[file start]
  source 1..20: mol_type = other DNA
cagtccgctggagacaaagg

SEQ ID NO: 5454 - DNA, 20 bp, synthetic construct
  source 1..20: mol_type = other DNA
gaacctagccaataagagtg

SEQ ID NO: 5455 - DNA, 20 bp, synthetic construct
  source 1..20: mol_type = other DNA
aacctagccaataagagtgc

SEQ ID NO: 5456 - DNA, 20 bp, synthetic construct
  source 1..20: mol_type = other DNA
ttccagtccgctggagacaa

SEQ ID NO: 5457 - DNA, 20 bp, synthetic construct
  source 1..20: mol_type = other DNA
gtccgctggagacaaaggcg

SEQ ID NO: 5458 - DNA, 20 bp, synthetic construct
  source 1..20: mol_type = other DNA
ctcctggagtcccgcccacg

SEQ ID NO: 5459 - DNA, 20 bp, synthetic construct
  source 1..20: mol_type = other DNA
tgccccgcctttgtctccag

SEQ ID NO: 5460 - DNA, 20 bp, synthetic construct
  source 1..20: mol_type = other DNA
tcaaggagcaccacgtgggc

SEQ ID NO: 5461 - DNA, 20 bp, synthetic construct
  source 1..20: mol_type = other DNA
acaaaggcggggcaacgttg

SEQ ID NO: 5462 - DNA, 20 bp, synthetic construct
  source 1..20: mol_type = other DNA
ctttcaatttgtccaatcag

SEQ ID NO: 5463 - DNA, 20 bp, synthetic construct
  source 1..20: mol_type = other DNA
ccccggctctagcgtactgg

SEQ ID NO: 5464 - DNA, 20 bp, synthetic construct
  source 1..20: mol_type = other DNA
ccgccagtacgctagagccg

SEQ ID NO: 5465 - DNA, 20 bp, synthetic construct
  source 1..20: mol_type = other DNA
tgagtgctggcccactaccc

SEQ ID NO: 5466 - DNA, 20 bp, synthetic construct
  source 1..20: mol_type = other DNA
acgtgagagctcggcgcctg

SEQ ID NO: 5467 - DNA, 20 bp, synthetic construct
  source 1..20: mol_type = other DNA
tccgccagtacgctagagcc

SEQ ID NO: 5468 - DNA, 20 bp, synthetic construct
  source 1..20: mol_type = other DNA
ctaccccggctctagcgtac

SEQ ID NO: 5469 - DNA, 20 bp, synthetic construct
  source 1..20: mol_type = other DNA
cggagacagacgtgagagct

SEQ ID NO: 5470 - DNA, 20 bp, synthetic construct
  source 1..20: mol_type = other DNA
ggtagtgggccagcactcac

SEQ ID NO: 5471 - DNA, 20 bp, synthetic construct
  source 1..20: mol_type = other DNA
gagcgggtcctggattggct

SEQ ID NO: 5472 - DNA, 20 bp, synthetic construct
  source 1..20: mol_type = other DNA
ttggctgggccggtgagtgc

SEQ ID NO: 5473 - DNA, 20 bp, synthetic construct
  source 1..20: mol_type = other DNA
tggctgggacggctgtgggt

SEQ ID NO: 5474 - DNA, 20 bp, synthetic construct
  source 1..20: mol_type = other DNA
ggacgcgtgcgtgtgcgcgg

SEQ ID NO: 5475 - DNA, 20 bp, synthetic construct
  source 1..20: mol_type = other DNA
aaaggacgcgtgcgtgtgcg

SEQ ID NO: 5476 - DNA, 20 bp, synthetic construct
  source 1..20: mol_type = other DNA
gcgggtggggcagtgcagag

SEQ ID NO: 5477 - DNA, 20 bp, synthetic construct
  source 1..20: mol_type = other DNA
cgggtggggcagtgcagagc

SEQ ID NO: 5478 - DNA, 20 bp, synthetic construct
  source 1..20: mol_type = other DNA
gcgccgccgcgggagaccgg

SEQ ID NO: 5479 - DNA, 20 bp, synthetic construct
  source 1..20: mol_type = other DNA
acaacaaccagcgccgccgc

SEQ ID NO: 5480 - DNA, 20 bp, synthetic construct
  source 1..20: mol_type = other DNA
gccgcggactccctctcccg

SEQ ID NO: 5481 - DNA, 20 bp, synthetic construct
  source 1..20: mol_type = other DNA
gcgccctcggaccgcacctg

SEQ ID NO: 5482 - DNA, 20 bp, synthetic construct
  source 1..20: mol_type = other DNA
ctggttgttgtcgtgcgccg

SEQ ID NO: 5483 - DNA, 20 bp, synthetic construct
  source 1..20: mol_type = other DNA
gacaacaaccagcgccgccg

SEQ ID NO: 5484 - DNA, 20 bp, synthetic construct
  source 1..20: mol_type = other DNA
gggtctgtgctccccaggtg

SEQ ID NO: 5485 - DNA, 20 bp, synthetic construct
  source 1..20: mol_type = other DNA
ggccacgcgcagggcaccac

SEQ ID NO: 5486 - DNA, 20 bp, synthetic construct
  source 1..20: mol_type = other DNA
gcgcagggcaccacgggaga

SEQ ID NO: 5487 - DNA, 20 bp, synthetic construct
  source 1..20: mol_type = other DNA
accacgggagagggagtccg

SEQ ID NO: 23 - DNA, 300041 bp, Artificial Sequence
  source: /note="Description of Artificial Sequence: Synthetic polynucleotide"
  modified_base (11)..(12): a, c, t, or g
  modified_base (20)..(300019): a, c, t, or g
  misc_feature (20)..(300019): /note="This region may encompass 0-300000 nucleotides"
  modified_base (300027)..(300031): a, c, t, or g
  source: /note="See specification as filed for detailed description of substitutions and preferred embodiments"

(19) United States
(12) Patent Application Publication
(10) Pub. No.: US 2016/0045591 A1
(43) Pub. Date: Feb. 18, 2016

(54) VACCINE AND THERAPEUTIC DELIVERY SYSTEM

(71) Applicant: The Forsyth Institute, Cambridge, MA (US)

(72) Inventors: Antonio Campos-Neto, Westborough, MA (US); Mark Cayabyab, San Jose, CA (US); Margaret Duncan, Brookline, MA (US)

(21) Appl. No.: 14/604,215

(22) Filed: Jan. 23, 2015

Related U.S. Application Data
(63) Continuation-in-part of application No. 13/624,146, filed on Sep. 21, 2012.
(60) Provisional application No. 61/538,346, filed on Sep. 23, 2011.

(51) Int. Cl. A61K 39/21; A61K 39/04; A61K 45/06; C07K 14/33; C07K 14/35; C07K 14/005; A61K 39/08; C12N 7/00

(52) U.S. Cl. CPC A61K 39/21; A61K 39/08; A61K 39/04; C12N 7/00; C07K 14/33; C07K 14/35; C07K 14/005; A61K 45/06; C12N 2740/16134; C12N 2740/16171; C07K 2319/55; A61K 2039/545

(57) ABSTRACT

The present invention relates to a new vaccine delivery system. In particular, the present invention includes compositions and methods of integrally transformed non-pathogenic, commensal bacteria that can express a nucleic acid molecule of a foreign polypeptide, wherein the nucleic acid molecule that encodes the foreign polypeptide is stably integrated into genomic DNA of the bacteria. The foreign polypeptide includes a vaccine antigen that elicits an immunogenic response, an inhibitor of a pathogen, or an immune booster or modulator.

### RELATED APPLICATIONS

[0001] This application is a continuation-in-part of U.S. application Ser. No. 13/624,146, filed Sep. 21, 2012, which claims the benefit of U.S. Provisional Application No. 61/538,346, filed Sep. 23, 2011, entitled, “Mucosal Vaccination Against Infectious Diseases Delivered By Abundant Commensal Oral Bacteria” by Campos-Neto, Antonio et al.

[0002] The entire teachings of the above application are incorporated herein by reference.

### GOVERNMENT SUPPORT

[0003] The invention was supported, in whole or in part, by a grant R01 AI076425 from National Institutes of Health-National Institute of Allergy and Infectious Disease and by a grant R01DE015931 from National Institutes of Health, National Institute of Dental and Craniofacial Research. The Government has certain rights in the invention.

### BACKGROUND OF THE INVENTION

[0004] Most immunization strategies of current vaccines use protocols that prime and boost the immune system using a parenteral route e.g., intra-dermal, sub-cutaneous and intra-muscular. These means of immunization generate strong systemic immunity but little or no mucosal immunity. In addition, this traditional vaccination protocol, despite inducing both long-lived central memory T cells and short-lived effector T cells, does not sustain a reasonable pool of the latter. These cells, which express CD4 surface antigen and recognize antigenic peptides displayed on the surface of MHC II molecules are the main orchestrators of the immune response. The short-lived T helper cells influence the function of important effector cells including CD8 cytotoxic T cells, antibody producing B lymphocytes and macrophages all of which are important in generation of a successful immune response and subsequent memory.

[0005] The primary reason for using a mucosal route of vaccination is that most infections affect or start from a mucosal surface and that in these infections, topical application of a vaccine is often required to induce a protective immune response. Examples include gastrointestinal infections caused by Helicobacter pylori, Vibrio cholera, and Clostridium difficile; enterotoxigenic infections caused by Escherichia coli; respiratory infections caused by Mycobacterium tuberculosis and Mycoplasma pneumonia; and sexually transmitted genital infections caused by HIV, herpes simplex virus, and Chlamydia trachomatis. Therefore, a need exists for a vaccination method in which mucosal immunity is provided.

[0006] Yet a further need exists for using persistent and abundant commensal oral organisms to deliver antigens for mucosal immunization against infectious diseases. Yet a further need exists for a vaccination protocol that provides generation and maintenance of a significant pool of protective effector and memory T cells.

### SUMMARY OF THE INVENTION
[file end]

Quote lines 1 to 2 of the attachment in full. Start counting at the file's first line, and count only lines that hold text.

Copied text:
  source 1..20: mol_type = other DNA
cagtccgctggagacaaagg